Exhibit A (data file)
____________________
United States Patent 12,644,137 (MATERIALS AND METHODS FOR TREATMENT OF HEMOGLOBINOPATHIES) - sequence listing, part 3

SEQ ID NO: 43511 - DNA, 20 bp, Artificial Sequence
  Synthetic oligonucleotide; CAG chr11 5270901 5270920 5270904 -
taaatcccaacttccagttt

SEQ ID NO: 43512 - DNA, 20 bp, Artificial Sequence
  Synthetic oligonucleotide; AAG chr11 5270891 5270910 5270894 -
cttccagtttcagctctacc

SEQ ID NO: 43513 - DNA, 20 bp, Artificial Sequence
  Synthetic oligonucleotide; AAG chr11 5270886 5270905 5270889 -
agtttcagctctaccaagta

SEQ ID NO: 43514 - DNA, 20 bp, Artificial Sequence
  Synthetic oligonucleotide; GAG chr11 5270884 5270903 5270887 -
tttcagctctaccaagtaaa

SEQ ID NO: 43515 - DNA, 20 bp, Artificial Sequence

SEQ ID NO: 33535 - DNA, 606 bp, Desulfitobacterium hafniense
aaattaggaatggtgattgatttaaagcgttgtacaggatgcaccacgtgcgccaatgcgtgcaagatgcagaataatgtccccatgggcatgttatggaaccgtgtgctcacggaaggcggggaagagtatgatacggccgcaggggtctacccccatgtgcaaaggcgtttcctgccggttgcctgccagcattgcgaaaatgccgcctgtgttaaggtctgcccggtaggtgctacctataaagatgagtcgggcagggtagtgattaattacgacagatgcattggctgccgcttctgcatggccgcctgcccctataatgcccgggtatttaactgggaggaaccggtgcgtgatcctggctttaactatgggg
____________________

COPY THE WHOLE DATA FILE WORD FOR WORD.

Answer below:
United States Patent 12,644,137 (MATERIALS AND METHODS FOR TREATMENT OF HEMOGLOBINOPATHIES) - sequence listing, part 3

SEQ ID NO: 43511 - DNA, 20 bp, Artificial Sequence
  Synthetic oligonucleotide; CAG chr11 5270901 5270920 5270904 -
taaatcccaacttccagttt

SEQ ID NO: 43512 - DNA, 20 bp, Artificial Sequence
  Synthetic oligonucleotide; AAG chr11 5270891 5270910 5270894 -
cttccagtttcagctctacc

SEQ ID NO: 43513 - DNA, 20 bp, Artificial Sequence
  Synthetic oligonucleotide; AAG chr11 5270886 5270905 5270889 -
agtttcagctctaccaagta

SEQ ID NO: 43514 - DNA, 20 bp, Artificial Sequence
  Synthetic oligonucleotide; GAG chr11 5270884 5270903 5270887 -
tttcagctctaccaagtaaa

SEQ ID NO: 43515 - DNA, 20 bp, Artificial Sequence

SEQ ID NO: 33535 - DNA, 606 bp, Desulfitobacterium hafniense
aaattaggaatggtgattgatttaaagcgttgtacaggatgcaccacgtgcgccaatgcgtgcaagatgcagaataatgtccccatgggcatgttatggaaccgtgtgctcacggaaggcggggaagagtatgatacggccgcaggggtctacccccatgtgcaaaggcgtttcctgccggttgcctgccagcattgcgaaaatgccgcctgtgttaaggtctgcccggtaggtgctacctataaagatgagtcgggcagggtagtgattaattacgacagatgcattggctgccgcttctgcatggccgcctgcccctataatgcccgggtatttaactgggaggaaccggtgcgtgatcctggctttaactatgggg